Chris Larkin

Chris Larkin works at the LRB.

From The Blog
23 August 2021

Visit Flatford Mill today and the scene appears largely unchanged; an English rural idyll. But the area around is carefully managed, not just for the benefit of wildlife and farming, but specifically to maintain the appearance of Constable’s paintings. These aims are not necessarily incompatible, but there is an acknowledged desire to maintain a look that can be marketed as ‘Constable Country’. The landscape is to some extent a simulacrum; a present sculpted around a romanticised vision of the past. And it isn’t possible to recreate the scene of The Hay Wain exactly as it was two hundred years ago. The challenges of doing so offer a glimpse into a future we are already being forced to come to terms with.

From The Blog
20 July 2020

Not long before midnight I walked the short way to the top of the flood defences on the river near my house. I could see the stars well enough, but no sign of a comet. I moved a little further down the walls in search of a darker spot. As I rounded the corner, moving away from the lights of the warehouses behind, there it was, hanging above the orange glow of sunset.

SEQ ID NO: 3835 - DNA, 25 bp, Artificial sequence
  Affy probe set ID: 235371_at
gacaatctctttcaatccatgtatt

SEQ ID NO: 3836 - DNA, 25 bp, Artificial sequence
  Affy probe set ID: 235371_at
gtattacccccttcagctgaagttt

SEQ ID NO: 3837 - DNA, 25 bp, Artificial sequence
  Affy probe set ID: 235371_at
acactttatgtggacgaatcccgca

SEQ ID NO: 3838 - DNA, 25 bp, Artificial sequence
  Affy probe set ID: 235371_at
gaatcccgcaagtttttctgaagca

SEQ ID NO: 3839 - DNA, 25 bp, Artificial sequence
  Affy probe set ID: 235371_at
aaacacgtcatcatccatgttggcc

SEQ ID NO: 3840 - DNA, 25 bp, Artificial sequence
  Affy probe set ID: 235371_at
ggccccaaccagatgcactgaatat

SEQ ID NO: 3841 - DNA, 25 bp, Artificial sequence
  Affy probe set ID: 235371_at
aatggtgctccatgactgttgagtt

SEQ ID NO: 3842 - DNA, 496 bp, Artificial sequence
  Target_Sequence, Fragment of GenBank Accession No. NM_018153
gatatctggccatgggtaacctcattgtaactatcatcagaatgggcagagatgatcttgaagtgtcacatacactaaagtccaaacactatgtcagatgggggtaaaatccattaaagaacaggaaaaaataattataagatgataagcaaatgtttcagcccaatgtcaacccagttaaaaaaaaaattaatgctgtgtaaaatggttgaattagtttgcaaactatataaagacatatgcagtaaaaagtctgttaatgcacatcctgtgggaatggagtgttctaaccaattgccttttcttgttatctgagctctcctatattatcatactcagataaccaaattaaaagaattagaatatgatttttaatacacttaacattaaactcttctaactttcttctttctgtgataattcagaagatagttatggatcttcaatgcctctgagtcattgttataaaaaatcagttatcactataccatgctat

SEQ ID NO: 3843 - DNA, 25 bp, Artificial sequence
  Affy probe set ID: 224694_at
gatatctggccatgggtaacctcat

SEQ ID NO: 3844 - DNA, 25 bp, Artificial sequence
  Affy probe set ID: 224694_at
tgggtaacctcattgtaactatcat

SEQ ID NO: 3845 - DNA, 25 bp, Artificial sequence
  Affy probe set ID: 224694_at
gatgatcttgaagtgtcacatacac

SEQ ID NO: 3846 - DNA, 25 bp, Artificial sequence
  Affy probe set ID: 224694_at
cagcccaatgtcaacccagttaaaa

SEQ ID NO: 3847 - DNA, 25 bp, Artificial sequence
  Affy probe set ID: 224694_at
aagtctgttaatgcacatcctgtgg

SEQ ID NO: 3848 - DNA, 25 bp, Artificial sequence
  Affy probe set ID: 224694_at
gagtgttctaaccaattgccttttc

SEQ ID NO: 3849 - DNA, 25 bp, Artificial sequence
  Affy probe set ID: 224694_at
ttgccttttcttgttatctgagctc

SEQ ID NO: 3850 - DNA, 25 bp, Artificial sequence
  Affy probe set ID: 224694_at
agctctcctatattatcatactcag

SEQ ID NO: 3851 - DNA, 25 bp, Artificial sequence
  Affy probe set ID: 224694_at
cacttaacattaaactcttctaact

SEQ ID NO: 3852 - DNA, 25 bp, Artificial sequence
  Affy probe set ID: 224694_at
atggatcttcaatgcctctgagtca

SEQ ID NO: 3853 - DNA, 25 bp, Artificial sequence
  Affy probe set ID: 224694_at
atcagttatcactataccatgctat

From The Blog
20 April 2020

I heard a cacophony of gulls, unseated from their resting place on the river. A column of birds rose high in the distance beyond the back fence. And at the top of the spiral, drifting on the thermals, was a white-tailed eagle.

From The Blog
12 July 2019

This summer has for some time been looked forward to as a make-or-break moment for English cricket. With England and Wales hosting the World Cup and an Ashes series starting here in August, it should be the perfect opportunity to make cricket part of the national conversation again; to try and halt the decline in enthusiasm for, and participation in, England’s traditional summer sport.

From The Blog
20 December 2018

The Christmas season technically begins on Christmas Day, not, as it may often seem, in mid-October. Christmastide – as the period is called in liturgical circles – lasts for twelve days, until 5 January, the night before the feast of Epiphany. The origins of the Christmas carol ‘The Twelve Days of Christmas’ are not entirely clear,

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